Photo by Claudio Reyes via Getty Images

Avocado imports into Britain increased by 27 percent in 2017, and there are some consequences 

Mike Pomranz
May 22, 2018

Society’s growing love of avocados might seem like an innocent enough obsession, but a recent report suggests that an increased demand for avocados in the United Kingdom is contributing to serious water shortages for civilians in parts of Chile. It’s enough to make you consider holding the guac.

Global demand for avocados has grown significantly in recent years, especially in places like the UK, where Brits were slow to pick up on the green fruit since they couldn’t simply have them shipped to them across their southern border. (Unlike Mexico, France is an avocado wasteland!) As the Guardian reported last week, the amount of avocados imported into Britain jumped by 27 percent last year alone.

Chile is the largest supplier to Britain, making up two-thirds of the market. The South American country ranked ninth in global avocado production in 2016, at over 137,000 tons. That’s a far cry from Mexico’s nearly 1.9 million tons, but not far behind America’s production levels of over 172,000 tons. Along the way, Chile has greatly increased the amount of land dedicated to avocado trees, from just over 20,000 hectares in 2000 to nearly 30,000 in 2015, according to a USDA report. Meanwhile, the British Isles have been one of the fastest growing destinations for Chile’s avocado exports, with the volume sent to the UK more than doubling from 2014 to 2015.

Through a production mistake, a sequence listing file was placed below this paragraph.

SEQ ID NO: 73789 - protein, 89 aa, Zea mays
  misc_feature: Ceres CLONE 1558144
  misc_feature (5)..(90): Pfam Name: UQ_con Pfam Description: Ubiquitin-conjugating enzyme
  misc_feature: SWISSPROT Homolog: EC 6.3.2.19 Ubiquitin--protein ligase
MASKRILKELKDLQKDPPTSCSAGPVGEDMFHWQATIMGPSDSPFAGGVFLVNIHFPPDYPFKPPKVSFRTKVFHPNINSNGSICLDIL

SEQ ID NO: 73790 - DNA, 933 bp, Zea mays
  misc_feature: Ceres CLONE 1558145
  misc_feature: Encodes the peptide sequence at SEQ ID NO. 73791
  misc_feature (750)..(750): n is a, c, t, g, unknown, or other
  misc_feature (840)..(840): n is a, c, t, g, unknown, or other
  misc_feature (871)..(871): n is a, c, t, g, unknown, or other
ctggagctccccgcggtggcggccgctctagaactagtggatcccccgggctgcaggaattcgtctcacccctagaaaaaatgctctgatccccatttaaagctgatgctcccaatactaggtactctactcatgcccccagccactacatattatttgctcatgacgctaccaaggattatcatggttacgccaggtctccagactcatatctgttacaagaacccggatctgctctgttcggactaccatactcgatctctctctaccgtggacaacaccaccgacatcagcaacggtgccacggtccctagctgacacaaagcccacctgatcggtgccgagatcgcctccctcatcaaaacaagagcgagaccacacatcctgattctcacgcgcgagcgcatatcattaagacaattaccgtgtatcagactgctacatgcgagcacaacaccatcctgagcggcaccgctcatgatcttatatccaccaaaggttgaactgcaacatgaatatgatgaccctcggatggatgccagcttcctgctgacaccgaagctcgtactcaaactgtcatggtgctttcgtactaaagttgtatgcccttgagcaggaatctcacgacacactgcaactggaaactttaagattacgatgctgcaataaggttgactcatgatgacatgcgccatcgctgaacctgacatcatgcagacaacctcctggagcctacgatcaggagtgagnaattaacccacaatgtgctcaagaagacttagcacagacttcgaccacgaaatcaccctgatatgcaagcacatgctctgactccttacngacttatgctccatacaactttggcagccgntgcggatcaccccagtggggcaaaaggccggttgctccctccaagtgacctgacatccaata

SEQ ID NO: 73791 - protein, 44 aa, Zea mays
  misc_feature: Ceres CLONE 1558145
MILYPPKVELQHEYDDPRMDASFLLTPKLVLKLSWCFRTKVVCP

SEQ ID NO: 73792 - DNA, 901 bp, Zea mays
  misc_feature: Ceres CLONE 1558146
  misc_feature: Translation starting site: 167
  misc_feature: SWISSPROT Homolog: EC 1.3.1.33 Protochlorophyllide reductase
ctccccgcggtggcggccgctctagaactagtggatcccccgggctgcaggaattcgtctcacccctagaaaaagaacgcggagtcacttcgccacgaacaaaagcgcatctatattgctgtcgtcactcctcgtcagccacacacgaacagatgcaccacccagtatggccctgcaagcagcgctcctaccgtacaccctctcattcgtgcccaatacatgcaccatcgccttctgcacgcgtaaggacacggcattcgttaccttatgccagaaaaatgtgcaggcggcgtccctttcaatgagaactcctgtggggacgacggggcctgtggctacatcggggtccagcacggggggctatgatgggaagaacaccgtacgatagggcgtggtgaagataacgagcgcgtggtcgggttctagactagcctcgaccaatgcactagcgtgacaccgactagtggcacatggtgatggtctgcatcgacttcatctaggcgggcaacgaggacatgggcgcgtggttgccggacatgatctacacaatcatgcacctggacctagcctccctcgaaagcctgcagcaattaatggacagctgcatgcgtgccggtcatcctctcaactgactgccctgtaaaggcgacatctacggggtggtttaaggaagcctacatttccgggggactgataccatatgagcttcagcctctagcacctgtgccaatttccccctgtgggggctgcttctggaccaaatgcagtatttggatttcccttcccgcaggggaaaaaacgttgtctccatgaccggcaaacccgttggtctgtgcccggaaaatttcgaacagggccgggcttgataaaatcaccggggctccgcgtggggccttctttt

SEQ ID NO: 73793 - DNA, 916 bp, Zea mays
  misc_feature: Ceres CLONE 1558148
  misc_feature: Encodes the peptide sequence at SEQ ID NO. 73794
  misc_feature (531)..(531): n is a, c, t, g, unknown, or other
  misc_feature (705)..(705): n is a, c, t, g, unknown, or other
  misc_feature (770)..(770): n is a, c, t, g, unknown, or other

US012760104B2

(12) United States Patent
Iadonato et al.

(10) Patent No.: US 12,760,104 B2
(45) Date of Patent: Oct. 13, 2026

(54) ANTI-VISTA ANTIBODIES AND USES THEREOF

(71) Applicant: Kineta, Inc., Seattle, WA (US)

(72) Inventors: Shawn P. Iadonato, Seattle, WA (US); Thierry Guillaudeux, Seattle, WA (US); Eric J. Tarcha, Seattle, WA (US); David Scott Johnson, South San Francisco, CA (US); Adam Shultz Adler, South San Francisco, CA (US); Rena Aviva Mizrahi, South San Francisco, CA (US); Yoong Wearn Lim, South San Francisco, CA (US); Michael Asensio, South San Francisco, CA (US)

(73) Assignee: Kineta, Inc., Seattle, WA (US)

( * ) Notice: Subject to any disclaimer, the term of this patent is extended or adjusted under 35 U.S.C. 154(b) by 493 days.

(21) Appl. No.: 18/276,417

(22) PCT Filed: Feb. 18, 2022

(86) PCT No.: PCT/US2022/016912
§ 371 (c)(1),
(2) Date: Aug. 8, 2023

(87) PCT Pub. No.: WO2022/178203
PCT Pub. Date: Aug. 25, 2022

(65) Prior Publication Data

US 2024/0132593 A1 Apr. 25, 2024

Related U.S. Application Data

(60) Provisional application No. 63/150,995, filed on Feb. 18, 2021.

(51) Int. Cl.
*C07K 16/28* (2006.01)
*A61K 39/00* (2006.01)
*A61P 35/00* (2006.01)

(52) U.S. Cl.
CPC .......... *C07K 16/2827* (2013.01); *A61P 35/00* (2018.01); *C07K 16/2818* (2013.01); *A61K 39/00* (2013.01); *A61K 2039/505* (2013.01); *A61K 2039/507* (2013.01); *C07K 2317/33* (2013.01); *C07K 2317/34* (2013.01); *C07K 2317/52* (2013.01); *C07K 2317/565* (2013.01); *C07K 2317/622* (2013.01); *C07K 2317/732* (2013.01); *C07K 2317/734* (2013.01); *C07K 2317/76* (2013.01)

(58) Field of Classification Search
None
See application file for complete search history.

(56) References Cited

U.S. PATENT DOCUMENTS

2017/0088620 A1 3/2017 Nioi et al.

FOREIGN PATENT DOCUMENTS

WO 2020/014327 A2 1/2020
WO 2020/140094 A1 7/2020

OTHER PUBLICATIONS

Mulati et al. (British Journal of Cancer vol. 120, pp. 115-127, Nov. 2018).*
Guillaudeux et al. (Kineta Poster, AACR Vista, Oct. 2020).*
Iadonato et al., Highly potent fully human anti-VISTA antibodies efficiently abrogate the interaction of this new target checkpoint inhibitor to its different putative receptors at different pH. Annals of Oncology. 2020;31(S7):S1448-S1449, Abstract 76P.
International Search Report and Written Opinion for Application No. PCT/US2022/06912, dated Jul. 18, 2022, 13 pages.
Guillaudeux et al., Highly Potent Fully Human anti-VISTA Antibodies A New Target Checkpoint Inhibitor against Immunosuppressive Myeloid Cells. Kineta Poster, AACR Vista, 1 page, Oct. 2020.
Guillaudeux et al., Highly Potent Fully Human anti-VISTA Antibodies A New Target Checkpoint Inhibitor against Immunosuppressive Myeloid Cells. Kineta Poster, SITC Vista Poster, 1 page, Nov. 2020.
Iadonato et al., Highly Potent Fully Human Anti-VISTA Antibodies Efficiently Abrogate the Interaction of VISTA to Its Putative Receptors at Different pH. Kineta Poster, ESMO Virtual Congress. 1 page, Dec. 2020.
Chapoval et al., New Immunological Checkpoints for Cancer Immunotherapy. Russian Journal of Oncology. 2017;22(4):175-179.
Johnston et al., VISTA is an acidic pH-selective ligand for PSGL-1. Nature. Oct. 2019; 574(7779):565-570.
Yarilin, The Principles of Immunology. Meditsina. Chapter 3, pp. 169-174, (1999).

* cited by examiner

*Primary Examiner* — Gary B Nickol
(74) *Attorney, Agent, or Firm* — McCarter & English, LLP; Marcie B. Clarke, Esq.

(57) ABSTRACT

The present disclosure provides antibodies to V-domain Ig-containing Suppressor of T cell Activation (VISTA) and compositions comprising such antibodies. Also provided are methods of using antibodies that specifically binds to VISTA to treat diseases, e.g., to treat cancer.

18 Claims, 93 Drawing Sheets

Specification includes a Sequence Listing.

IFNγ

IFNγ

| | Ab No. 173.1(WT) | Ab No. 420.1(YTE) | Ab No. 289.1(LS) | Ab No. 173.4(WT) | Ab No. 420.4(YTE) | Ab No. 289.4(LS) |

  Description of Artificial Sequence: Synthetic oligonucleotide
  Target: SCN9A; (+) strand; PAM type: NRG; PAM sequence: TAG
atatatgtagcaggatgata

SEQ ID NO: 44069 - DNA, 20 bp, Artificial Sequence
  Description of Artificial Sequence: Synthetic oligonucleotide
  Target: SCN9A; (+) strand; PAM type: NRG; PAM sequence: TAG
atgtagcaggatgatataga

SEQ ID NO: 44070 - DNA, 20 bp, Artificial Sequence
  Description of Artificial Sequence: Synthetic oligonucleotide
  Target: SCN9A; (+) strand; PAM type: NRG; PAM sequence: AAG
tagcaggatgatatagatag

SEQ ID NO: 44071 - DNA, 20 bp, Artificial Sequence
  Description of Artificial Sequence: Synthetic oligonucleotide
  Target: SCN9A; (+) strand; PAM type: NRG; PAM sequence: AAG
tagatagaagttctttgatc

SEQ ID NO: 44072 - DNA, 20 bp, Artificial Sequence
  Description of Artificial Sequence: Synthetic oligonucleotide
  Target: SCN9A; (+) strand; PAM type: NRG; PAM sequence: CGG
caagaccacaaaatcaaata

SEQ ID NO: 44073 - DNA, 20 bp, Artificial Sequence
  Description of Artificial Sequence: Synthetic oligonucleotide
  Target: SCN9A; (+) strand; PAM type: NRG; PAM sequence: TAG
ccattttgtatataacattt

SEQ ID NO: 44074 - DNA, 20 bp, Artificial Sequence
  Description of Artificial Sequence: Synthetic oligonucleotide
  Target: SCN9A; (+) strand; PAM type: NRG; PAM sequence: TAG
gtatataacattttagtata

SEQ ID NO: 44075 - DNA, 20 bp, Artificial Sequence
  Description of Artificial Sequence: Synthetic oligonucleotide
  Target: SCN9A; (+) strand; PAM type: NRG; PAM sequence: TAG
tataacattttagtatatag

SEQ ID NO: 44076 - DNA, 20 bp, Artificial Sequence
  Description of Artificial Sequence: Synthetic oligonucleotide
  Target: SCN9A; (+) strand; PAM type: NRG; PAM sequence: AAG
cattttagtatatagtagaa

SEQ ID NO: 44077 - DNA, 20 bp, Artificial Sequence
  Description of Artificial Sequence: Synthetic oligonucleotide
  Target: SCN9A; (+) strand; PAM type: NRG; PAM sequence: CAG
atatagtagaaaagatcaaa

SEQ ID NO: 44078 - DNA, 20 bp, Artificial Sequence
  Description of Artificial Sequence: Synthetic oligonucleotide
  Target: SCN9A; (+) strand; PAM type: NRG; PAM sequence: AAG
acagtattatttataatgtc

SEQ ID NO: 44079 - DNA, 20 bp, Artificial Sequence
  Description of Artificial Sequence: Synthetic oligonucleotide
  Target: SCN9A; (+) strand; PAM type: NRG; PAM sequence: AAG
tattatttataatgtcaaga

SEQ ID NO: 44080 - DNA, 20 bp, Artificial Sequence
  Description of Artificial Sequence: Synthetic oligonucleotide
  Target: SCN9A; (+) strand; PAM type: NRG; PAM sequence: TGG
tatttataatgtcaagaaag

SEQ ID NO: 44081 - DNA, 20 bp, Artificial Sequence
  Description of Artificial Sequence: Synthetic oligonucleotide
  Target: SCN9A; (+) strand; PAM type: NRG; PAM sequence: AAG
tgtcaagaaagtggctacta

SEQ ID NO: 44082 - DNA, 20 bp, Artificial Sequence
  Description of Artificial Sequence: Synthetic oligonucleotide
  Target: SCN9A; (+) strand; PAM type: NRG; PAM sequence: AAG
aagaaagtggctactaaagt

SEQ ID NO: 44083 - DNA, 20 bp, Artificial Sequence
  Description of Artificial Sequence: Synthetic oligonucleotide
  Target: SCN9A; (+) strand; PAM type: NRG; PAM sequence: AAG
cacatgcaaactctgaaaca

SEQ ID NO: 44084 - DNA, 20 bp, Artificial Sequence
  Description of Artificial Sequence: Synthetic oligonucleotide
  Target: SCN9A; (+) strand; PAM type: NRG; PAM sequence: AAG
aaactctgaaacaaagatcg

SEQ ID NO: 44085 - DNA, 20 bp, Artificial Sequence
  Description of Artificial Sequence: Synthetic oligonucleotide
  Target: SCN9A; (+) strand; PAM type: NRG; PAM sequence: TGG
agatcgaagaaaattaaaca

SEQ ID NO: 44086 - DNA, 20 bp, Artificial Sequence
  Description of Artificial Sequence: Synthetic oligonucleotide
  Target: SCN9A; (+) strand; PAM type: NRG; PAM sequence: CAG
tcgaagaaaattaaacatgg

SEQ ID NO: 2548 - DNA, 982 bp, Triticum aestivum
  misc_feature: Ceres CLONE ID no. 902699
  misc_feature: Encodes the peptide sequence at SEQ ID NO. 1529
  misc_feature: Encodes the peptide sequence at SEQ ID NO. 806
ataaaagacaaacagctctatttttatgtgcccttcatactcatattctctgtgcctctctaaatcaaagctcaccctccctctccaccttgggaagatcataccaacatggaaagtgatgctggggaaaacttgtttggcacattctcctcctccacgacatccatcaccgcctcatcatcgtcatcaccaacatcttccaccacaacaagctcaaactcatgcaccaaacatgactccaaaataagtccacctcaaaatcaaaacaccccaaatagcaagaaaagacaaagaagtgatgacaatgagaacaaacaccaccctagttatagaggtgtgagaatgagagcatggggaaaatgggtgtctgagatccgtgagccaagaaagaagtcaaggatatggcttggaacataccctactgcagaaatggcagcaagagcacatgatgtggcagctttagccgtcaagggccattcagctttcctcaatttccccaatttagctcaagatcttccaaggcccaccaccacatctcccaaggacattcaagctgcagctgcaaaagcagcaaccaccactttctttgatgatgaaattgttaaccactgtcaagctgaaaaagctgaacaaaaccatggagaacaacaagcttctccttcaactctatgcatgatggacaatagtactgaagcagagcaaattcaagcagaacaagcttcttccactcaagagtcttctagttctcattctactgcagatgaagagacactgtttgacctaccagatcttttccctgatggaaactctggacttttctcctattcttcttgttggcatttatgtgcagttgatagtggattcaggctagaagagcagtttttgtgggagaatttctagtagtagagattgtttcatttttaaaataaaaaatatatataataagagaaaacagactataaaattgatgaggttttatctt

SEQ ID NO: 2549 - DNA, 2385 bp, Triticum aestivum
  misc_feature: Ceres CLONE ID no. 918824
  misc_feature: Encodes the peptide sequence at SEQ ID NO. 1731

It all sounds like good news from the Chilean avocado industry (and for avocado toast-loving Brits), but according to locals in Petorca—an area in Valparaiso, by far Chile’s largest avocado-producing region—it’s coming at the price of potable water for their province. Large avocado companies have reportedly been illegally diverting rivers and driving down groundwater levels to irrigate their avocado crops which require extremely large amounts of water: about ten times more than is needed to grow the same amount of tomatoes.

As a result, residents in the already arid region struggle to find usable water, often resorting to drinking potentially contaminated water brought in by trucks. “People get sick because of the drought—we find ourselves having to choose between cooking and washing, going to the bathroom in holes in the ground or in plastic bags, while big agri-businesses earn more and more,” Veronica Vilches, director of an activist group called Rural Potable Water, told the Guardian. “For years, avocado plantations have used up all the water that should be used for everything else.... And now the rivers have dried up, just like the aquifers.”

For their part, the supermarket trade group the British Retail Consortium acknowledged the problem and said it “will work with their suppliers to investigate this.” And some stores said that they specifically vet their avocado producers beforehand, working with groups like the Rainforest Alliance, but will look into the matter further.

But Vilches was able to very vividly sum up the problem the people of Petorca currently face. She told the Guardian her group had tests done on the aforementioned truck water to search for coliform, a type of bacteria found in feces. The levels were well above the legal limit. “In order to send good avocados to Europeans, we end up drinking water with shit in it,” she stated sharply. It’s an unappetizing realization to say the least.

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